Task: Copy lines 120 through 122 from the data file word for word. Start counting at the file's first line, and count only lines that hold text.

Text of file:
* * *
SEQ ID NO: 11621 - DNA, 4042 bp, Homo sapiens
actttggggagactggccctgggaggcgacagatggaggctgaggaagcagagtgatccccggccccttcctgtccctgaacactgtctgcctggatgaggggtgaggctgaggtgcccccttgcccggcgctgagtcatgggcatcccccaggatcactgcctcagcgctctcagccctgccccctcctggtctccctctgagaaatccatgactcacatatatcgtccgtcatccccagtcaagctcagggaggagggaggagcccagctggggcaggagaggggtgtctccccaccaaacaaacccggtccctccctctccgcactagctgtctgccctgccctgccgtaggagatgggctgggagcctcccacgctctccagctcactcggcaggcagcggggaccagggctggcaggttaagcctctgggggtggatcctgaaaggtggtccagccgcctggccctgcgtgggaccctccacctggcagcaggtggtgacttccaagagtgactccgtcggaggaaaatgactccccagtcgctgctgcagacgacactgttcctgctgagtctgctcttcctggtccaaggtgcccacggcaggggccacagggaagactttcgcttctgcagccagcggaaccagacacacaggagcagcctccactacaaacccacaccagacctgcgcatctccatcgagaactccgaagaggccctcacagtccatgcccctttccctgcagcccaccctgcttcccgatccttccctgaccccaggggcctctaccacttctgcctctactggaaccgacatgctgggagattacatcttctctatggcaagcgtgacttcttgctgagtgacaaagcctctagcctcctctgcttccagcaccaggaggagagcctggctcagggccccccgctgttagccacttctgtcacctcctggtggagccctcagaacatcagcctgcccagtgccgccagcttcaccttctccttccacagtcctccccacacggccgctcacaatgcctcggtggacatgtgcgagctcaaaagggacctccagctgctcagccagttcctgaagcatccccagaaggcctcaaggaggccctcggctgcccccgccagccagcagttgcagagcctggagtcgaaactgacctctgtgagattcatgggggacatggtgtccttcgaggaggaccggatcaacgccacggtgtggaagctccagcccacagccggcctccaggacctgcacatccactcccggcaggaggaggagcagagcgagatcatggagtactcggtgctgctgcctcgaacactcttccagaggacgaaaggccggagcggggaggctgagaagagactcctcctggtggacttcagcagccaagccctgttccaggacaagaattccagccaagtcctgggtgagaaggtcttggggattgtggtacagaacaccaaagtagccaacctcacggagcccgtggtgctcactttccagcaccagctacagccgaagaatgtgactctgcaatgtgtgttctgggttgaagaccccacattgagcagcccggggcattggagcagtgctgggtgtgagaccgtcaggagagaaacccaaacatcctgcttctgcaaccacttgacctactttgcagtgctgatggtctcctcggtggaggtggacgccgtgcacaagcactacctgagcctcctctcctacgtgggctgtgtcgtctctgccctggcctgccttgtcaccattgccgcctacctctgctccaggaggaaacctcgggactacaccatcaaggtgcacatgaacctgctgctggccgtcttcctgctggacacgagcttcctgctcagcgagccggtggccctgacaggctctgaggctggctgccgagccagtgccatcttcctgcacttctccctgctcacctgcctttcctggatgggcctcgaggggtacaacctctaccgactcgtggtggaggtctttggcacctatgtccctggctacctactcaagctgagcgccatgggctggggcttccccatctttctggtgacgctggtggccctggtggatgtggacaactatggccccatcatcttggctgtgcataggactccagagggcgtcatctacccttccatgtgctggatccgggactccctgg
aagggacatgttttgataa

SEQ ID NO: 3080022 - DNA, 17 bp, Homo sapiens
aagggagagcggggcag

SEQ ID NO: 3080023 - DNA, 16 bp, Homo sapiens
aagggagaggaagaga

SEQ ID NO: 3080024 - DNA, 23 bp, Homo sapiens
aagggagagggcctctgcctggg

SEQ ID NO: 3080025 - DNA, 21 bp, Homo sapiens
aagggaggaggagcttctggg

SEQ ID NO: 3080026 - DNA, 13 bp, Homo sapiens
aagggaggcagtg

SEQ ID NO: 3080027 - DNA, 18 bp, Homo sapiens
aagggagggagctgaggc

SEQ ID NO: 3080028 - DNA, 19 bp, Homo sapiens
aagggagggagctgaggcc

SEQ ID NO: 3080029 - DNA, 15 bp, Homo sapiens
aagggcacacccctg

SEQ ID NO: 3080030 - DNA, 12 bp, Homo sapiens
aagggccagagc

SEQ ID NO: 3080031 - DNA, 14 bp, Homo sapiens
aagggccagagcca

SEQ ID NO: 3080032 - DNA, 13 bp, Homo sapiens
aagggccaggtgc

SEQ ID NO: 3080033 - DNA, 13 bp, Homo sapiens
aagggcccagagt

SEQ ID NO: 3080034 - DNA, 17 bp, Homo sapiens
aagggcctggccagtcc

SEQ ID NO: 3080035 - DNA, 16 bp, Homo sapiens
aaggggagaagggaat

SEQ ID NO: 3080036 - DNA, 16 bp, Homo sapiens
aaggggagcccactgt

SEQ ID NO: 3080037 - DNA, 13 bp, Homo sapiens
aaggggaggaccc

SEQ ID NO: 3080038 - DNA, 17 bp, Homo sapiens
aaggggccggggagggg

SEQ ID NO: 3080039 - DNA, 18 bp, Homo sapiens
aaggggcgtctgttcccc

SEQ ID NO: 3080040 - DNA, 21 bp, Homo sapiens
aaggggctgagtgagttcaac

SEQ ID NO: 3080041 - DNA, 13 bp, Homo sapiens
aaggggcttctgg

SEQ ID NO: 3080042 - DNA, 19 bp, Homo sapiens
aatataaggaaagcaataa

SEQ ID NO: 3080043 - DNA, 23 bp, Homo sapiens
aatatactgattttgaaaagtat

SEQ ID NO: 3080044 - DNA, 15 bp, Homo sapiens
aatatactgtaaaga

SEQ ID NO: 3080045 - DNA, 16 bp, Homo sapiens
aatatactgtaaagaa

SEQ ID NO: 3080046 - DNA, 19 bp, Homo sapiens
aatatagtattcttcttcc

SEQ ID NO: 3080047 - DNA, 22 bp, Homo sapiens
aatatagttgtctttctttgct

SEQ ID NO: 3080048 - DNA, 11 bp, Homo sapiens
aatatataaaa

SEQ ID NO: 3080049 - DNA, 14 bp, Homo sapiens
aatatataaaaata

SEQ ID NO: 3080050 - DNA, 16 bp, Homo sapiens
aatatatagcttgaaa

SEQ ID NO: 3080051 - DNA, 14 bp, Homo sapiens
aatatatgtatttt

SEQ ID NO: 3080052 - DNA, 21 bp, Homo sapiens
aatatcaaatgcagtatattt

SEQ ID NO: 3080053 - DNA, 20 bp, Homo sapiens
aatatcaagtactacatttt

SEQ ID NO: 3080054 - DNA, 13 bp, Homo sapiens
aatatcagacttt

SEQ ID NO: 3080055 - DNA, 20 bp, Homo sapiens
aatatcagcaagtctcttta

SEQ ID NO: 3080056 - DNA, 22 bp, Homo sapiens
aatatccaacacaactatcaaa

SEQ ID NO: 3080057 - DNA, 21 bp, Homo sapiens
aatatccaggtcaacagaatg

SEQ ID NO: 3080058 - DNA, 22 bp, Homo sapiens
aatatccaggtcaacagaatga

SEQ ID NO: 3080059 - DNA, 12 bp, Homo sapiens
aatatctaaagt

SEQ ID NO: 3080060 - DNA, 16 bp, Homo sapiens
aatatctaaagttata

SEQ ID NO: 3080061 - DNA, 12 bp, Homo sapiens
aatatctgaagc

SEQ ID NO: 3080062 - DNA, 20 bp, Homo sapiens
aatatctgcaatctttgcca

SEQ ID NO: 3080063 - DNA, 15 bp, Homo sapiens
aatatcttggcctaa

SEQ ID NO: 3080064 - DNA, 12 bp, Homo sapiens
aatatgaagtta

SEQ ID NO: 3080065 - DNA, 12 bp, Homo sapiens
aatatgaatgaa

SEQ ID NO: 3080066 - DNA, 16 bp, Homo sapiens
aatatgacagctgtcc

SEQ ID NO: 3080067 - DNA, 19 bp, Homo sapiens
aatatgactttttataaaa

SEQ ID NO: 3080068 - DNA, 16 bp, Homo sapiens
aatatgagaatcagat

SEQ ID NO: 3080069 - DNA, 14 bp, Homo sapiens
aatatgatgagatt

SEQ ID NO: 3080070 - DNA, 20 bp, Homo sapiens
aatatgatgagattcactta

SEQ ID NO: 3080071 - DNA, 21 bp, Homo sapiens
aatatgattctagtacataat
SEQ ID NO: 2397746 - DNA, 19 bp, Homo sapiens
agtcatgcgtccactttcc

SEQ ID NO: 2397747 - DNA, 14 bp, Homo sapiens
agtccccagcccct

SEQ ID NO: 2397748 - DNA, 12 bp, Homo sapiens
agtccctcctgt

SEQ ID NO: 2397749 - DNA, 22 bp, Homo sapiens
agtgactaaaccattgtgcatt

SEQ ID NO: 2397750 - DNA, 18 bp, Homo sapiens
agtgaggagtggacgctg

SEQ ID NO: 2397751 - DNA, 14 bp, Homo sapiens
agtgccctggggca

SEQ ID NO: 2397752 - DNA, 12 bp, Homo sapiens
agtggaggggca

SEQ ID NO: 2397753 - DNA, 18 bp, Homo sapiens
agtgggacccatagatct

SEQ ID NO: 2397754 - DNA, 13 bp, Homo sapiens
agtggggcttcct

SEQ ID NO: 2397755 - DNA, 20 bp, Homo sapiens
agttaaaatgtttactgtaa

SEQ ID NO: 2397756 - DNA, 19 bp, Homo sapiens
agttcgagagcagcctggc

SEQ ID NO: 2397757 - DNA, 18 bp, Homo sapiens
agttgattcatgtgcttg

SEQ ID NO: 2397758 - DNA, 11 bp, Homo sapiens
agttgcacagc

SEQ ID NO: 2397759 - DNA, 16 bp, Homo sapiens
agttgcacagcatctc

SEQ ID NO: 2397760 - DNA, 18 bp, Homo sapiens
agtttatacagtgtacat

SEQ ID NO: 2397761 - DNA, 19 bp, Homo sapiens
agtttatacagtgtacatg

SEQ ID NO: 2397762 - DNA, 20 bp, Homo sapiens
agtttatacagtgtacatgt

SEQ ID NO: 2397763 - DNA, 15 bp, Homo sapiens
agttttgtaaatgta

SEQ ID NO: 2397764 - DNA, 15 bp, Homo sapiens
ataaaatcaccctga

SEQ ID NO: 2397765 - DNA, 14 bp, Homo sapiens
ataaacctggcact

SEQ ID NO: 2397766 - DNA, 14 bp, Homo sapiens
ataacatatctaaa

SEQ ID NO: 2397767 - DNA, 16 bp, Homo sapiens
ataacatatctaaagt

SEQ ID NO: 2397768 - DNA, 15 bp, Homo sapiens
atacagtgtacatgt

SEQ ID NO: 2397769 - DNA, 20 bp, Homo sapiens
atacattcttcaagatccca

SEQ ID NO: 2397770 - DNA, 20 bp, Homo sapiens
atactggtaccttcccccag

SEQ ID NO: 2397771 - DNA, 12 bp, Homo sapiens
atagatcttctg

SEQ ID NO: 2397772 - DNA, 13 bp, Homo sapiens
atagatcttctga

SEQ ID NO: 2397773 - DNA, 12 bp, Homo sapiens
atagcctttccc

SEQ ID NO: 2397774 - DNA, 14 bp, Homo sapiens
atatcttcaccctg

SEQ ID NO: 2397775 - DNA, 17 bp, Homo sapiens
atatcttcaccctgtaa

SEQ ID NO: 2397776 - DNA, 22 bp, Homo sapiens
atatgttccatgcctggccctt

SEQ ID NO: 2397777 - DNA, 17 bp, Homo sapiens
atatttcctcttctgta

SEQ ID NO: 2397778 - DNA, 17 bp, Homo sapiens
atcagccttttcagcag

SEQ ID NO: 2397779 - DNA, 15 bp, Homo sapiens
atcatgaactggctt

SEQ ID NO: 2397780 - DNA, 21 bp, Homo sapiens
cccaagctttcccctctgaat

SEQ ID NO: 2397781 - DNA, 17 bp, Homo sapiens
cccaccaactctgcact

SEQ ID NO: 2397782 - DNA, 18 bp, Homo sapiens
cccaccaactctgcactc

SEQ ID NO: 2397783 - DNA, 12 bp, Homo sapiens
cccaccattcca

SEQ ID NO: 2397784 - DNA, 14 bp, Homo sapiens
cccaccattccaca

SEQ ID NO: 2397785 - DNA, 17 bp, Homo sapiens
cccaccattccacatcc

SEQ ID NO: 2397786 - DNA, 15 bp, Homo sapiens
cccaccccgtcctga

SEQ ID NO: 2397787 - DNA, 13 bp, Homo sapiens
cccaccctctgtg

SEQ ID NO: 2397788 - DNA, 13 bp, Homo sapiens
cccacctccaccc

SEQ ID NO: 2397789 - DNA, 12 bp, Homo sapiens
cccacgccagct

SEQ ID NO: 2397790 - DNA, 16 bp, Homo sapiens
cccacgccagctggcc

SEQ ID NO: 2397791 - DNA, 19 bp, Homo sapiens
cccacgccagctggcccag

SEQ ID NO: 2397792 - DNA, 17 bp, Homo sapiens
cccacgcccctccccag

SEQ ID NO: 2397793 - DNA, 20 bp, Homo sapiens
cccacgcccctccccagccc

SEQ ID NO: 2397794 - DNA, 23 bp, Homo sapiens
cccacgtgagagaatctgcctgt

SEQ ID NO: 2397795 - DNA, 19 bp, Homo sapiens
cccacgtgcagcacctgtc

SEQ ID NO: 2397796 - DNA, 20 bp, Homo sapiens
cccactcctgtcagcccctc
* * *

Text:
SEQ ID NO: 2397754 - DNA, 13 bp, Homo sapiens
agtggggcttcct

SEQ ID NO: 2397755 - DNA, 20 bp, Homo sapiens